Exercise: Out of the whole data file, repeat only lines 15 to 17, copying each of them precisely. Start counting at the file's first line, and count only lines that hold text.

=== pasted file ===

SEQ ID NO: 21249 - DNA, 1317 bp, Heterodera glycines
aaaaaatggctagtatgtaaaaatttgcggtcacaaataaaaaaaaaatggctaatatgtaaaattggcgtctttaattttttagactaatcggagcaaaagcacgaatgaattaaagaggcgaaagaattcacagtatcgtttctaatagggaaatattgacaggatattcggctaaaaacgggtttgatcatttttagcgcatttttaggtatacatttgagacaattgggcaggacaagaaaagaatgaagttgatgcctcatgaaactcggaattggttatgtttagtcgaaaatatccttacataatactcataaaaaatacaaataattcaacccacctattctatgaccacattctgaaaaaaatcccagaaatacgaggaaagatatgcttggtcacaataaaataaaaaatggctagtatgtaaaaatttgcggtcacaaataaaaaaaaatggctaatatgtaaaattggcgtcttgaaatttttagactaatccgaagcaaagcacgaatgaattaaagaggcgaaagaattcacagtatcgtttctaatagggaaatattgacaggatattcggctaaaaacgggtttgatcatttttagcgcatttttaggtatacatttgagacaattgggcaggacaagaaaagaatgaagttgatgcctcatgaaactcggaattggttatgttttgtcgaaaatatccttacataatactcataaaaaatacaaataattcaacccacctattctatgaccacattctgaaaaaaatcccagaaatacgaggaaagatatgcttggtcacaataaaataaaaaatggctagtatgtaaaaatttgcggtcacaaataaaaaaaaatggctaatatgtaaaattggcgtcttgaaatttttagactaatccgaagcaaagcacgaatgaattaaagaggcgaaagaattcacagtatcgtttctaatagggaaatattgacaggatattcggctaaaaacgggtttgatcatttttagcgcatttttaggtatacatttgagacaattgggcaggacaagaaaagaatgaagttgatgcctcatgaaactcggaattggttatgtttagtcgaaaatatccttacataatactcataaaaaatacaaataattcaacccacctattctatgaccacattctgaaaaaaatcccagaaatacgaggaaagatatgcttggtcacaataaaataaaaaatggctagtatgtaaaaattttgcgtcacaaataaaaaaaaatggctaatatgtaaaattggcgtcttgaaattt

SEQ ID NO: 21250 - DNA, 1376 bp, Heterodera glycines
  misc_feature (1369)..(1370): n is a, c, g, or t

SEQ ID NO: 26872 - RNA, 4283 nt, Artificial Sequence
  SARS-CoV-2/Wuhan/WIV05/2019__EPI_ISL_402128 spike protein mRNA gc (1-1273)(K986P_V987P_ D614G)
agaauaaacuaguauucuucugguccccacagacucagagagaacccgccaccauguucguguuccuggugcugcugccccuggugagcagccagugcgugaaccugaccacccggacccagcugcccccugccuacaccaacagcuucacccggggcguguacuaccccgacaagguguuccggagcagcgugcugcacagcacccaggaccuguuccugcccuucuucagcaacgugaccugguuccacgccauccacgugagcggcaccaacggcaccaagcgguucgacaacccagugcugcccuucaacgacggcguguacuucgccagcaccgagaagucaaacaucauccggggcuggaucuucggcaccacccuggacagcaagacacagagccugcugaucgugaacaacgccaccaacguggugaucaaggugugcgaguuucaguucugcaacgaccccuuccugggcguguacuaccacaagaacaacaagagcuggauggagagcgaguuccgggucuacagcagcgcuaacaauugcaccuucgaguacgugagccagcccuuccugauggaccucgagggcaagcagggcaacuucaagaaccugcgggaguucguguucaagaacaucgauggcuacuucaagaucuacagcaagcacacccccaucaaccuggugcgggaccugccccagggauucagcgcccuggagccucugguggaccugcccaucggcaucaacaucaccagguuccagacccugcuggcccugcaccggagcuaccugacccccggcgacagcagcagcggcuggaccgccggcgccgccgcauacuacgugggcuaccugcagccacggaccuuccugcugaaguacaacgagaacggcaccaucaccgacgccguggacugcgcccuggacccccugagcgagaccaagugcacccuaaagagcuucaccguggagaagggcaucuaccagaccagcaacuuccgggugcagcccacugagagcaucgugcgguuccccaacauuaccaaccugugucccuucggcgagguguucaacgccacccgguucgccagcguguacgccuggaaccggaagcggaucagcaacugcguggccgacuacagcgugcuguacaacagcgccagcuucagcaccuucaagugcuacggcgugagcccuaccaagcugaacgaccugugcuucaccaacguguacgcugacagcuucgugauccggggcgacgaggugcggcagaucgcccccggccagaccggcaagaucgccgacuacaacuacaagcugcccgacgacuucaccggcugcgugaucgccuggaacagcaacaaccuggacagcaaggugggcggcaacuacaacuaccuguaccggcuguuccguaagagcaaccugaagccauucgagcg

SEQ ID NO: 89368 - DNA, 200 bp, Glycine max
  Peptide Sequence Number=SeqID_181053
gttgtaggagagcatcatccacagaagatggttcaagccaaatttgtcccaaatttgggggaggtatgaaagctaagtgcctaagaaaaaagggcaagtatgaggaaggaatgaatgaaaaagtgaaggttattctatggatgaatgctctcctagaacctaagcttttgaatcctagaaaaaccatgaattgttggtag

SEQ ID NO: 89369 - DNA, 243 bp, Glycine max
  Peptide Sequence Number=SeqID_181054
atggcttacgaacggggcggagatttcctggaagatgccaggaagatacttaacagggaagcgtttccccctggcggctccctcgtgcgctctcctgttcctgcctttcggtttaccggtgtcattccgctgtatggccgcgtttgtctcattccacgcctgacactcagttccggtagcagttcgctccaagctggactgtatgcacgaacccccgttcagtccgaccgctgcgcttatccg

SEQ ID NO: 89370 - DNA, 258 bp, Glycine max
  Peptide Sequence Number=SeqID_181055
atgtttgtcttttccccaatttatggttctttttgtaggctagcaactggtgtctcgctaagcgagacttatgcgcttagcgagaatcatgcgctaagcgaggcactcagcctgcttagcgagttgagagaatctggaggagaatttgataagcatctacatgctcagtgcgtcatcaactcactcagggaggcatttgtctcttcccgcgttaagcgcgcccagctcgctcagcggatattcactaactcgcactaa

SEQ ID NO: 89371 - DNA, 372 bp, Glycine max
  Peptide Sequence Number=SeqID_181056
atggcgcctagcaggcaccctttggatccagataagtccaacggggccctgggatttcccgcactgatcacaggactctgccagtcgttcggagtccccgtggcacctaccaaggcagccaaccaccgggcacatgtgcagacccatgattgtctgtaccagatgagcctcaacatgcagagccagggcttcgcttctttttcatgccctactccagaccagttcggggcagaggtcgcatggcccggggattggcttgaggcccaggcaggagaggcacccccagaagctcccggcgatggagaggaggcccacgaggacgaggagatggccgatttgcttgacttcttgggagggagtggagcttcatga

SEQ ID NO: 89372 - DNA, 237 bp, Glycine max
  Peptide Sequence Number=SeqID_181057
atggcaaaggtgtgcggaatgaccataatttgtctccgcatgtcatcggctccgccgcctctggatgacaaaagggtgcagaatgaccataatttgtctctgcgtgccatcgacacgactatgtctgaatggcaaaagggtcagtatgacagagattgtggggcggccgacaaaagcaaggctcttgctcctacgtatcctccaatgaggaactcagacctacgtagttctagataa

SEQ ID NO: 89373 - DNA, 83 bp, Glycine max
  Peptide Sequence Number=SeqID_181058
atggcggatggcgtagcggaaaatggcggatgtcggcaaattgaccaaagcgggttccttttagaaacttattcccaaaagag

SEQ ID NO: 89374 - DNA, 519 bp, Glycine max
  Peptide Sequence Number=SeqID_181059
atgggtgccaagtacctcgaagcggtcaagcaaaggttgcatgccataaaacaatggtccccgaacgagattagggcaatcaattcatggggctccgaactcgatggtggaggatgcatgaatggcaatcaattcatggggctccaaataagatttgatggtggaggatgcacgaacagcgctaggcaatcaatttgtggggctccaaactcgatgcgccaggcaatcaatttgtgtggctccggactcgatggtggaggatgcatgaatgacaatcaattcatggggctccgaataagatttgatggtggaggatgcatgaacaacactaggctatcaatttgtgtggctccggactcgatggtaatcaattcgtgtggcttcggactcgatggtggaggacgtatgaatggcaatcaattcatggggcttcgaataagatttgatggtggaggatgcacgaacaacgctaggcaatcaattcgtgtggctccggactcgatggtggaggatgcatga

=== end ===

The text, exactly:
  Peptide Sequence Number=SeqID_181055
atgtttgtcttttccccaatttatggttctttttgtaggctagcaactggtgtctcgctaagcgagacttatgcgcttagcgagaatcatgcgctaagcgaggcactcagcctgcttagcgagttgagagaatctggaggagaatttgataagcatctacatgctcagtgcgtcatcaactcactcagggaggcatttgtctcttcccgcgttaagcgcgcccagctcgctcagcggatattcactaactcgcactaa

SEQ ID NO: 89371 - DNA, 372 bp, Glycine max